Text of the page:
Special education history in the United States can be traced back to right after World War II. One of the first documented advocacy parent groups was the American Association of Mental Deficiency.
In the early 1950’s, a number of parent organizations were organized, including the United Cerebral Palsy Association and the Muscular Dystrophy Association.
Before 1975, many children were denied access to public school, especially those who were blind, deaf, severely disabled or suffered from mental retardation. It wasn't unheard of for these children to not attend school and they often remained at home. It was up to their parents to educate them and teach them basic life skills.
In 1975 the federal government passed the Education for all Handicapped Children Act. This law protected the rights of children with disabilities and forced schools to meet their individual needs. This law mandated schools to provide a free appropriate public education, also called FAPE, and stated that schools provide education to all in the least restrictive environment. This meant that if a special needs child could be educated in the mainstream classroom, schools had to provide the resources for this to occur.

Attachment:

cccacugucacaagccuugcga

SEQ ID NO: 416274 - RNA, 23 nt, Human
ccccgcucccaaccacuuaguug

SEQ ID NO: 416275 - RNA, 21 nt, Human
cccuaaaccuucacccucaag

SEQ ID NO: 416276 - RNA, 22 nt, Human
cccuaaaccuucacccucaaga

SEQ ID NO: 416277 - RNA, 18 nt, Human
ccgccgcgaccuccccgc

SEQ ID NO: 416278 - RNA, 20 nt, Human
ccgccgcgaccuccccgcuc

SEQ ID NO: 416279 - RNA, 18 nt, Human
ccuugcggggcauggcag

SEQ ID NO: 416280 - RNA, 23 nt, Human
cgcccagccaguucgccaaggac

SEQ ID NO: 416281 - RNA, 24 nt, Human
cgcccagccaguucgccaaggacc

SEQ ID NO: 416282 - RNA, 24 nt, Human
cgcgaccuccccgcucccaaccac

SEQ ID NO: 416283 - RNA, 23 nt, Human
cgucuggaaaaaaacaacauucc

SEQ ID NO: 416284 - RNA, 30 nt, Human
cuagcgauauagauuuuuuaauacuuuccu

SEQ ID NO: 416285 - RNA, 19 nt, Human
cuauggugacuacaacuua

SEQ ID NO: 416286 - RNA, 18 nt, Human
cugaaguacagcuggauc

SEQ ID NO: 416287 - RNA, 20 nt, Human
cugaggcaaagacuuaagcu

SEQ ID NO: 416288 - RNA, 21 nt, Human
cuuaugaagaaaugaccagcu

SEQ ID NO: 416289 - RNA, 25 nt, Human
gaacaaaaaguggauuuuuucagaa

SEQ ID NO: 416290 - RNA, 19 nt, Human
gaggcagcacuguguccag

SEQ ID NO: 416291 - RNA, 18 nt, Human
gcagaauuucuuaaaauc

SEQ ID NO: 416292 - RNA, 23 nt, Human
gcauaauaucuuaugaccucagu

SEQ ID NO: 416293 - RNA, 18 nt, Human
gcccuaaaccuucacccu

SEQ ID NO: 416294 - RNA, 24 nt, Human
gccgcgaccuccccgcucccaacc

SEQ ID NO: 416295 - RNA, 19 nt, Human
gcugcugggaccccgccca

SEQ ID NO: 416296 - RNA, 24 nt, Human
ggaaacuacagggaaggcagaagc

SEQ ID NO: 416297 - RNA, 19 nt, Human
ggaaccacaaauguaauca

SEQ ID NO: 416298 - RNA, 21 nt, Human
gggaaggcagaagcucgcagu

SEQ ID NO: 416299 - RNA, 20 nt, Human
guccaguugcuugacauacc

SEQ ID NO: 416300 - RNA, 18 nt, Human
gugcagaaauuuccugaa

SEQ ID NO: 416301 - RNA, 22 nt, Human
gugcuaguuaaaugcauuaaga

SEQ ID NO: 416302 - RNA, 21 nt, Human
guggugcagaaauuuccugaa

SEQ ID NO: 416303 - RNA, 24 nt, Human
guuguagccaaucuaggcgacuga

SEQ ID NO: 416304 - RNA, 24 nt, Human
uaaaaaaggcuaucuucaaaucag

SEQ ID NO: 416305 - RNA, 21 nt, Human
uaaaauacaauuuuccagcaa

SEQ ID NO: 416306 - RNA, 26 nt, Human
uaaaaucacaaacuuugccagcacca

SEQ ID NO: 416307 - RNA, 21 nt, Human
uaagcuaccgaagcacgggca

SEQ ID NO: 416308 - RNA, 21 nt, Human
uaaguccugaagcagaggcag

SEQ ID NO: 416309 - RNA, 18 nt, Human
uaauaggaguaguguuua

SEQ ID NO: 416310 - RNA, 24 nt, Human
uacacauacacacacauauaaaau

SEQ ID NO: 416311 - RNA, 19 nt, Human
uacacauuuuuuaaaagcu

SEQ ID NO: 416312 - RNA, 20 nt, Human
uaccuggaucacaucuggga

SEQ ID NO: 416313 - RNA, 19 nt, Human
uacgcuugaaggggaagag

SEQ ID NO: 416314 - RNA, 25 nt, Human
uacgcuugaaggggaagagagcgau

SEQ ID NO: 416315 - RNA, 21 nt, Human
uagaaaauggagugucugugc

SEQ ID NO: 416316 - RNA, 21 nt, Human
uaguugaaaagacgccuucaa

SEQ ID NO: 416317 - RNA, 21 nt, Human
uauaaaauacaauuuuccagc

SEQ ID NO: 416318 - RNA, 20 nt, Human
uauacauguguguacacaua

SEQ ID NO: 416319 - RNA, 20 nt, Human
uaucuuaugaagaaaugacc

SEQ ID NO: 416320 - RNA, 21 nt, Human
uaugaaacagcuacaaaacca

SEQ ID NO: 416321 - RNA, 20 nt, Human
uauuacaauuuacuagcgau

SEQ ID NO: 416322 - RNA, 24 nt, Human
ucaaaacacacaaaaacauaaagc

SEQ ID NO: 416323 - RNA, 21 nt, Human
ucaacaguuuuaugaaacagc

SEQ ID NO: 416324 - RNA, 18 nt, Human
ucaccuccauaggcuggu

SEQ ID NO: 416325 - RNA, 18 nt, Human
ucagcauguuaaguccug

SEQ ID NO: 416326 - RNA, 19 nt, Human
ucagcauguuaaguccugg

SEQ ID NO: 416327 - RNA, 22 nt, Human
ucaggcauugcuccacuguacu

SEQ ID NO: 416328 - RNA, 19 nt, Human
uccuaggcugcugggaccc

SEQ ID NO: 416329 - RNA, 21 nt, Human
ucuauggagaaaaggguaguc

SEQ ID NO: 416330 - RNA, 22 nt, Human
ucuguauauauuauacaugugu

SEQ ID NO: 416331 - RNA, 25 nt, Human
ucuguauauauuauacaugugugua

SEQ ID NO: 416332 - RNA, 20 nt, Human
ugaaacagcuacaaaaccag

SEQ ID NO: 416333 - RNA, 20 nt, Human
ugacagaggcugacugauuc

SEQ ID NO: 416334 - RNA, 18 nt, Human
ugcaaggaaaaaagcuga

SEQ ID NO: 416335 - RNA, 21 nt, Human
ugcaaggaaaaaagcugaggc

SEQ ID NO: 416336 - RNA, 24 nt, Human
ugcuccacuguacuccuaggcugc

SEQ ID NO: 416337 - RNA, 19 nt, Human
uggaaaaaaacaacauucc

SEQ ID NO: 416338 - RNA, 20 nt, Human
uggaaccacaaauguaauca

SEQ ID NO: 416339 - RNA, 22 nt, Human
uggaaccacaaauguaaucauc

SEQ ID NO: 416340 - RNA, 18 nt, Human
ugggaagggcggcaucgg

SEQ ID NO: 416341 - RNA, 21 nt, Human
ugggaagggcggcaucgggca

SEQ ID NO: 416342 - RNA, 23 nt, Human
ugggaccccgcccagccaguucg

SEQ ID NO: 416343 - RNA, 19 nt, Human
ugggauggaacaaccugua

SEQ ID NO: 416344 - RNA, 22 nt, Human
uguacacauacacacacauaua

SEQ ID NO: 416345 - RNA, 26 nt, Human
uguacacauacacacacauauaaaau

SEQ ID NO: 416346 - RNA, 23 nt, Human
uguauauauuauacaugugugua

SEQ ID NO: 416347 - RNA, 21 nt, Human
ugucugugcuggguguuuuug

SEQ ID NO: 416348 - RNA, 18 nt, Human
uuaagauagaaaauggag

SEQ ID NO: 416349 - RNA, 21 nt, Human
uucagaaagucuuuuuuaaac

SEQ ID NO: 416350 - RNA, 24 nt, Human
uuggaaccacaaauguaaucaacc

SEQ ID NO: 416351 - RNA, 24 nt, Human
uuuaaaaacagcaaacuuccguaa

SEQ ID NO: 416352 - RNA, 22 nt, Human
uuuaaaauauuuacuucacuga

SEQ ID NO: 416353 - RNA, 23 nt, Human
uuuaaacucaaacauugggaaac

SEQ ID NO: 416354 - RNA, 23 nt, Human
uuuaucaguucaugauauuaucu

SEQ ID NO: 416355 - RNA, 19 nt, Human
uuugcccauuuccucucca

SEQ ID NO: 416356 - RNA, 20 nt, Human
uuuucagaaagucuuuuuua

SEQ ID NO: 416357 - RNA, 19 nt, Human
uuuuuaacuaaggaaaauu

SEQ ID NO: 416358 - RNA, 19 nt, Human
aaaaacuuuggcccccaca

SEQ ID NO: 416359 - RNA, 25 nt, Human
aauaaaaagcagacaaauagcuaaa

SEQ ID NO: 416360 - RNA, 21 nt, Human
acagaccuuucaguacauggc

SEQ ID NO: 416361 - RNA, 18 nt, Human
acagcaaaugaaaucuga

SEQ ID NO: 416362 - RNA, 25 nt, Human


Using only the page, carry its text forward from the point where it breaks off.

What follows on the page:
In 1983, the law expanded to include parent training and by 1986, early intervention programs for pre-school children were added. In 1990, the law was re-named the Individuals with Disabilities Education Act (IDEA). It was recently re-authorized and expanded in 2004.
Special education history tells us that special education and the rights we now rely on to protect our children are relatively new.
Special education funding continues to be a problem for school districts as Congress continues to only fund around 15% of the promised 40% support needed to fund the mandates outlined in IDEA.
Hopefully, as we learn more about learning disorders and as technology continues to advance, the law protecting our children will continue to adapt as well.